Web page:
Even if God’s character was the opposite of what it really is, His purpose would still have to be considered good as long as His creation did what He wanted it to do. If He created the world just as a toy that He could break for the fun of it — like a toddler stacking up blocks only to knock them down — a broken world would be “good”: living up to its purpose.
Fortunately for us, His character is NOT to gleefully break things. His world is more than just a toy to Him; He loves it. He especially loves His humans, those He created in His own image so that they could have a real relationship with Him.
In fact, the most often noted characteristic of God is His love (1 John 4:7-8).
The type of love that God is, is best explained first by Aristotle: “Let loving, then, be defined as wishing for anyone the things which we believe to be good, for his sake but not for our own, and procuring them for him as far as lies in our power“, then by St. Thomas Aquinas 1: “To love is indeed an act of the will tending to the good, but it adds a certain union with the beloved“, summarized in the Catholic Catechism “To love is to will the good of another.” The most common Biblical word for this kind of love is “agape“, a completely selfless, self-giving love that will do anything necessary for the good of the loved one.
Another good attribute of God is His justice. Whenever something seems unfair to us, it is a reminder that we are made in His image. Our sense of justice comes from Him. He cannot let wrong continue without addressing it (Deuteronomy 10:17-18, Psalm 9:7-9).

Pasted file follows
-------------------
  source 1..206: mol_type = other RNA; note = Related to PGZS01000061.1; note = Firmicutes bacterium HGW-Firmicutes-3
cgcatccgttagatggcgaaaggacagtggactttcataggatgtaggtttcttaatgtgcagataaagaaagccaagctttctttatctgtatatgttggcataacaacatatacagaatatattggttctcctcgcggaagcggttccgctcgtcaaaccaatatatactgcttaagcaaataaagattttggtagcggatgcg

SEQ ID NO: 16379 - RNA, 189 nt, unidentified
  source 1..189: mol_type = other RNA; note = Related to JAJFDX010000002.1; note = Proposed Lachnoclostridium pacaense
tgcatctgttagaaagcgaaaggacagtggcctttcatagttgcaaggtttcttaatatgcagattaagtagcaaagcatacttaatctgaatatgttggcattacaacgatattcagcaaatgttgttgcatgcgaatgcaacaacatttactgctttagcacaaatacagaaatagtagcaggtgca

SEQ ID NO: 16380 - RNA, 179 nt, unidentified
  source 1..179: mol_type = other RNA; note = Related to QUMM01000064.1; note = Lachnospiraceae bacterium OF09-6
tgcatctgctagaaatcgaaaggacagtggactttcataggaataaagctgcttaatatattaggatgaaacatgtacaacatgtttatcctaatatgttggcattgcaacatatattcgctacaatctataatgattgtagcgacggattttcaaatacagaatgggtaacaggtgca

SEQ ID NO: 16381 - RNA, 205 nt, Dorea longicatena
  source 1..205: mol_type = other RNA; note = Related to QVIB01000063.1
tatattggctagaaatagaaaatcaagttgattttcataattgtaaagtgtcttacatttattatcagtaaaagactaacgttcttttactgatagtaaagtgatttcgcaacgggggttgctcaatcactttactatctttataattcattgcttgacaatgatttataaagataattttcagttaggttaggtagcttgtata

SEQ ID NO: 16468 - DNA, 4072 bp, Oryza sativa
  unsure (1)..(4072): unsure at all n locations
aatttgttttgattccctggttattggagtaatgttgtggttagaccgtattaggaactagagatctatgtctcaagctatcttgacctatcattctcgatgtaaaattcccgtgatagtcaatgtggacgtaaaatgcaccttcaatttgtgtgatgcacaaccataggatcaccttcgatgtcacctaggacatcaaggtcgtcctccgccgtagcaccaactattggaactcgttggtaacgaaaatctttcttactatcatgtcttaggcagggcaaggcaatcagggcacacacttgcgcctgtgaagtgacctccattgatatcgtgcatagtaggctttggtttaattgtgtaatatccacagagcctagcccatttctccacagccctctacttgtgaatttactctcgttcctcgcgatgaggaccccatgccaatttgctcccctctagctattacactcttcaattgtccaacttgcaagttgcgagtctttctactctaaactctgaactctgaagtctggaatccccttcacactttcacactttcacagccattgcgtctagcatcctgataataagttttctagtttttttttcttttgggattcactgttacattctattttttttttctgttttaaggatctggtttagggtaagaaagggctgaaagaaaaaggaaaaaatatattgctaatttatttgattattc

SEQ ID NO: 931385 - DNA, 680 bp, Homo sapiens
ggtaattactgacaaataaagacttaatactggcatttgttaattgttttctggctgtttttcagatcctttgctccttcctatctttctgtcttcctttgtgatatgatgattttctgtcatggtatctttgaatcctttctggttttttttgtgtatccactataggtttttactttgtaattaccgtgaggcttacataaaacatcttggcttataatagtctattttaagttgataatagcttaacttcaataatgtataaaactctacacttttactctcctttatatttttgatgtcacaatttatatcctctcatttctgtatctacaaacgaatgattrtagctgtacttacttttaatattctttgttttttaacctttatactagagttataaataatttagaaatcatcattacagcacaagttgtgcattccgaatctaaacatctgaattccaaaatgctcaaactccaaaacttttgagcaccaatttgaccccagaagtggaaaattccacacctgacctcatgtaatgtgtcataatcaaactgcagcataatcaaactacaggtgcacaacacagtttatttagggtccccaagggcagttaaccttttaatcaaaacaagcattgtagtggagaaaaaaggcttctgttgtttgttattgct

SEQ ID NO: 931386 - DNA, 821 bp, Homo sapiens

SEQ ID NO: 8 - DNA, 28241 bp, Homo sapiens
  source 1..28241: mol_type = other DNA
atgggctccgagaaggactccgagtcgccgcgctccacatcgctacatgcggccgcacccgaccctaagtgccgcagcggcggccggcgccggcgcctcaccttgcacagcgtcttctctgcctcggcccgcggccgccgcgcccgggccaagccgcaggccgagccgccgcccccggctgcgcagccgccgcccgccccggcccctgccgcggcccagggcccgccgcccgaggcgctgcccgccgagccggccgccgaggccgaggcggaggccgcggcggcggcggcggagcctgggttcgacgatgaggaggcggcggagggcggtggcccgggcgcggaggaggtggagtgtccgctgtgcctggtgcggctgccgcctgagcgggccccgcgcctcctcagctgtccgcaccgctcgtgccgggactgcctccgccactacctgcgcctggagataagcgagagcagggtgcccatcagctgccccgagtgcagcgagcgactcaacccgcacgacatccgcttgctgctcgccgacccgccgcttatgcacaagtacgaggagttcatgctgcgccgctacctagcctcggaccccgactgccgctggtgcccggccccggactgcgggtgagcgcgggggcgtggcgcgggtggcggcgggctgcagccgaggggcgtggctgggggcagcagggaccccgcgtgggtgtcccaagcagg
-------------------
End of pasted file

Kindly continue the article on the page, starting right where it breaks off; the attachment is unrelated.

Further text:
A third attribute that I want to mention is God’s faithfulness. He has never broken even one of His promises. No matter what the cost to Himself, no matter how long it takes, He always keeps His word (Psalm 33:4-5, Psalm 119:89-90, Lamentations 3:22-23, 2 Thessalonians 3:3, 2 Timothy 2:13). For any promise that has not been fulfilled yet, the key word is “yet”. Before God is finished, every promise will be kept, and every question answered.
If — no, since — God is so great and so good, why does He allow so much bad? I attempted answers to this age-old question in an earlier post, over two years ago. I still don’t have any better answers as to why He allows bad things. But I do know that He is not surprised by them. None have slipped past Him. None are beyond His power. All are included in His plan, and that plan that cannot help but be loving and faithful and just. He is bringing His creation to a climax that will explain everything.
Just ask Jesus…
Jesus: Great and Good
The ultimate expressions of God’s greatness and goodness all come together in Jesus: Faithfully fulfilling all of His promises of a Messiah, sovereignly orchestrating centuries of world events, perfectly balancing infinite love with infinite justice, and finally demonstrating power even over death. I mentioned 1 John 4:7-8 above, the verses with the famous phrase “God is love“. The following verses, 1 John 4:9-10, include that love’s expression in Jesus: “In this is love, not that we loved God, but that He loved us and sent His Son to be the propitiation for our sins.“
Jesus showed us that even though God allows some evil — for a time, to be used ultimately for His own good purposes — He is both great enough to conquer that evil whenever He chooses, and good enough to bring His world through it to something bigger than we can imagine.
The poem below, “Life is But a Weaving”, was written by hymn writer Grant Colfax Tullar. World War II heroine Corrie ten Boom, who worked with her family to rescue Jews from the Holocaust and spent time in a concentration camp as a result, quoted it so often that it is occasionally mis-attributed to her, instead. I look forward to someday seeing the top side of the tapestry!
My life is but a weaving
Between my God and me.
I cannot choose the colors
He weaveth steadily.
Oft’ times He weaveth sorrow;
And I in foolish pride
Forget He sees the upper
And I the underside.
Not ‘til the loom is silent
And the shuttles cease to fly
Will God unroll the canvas
And reveal the reason why.
The dark threads are as needful
In the weaver’s skillful hand
As the threads of gold and silver
In the pattern He has planned
He knows, He loves, He cares;
Nothing this truth can dim.
He gives the very best to those
Who leave the choice to Him.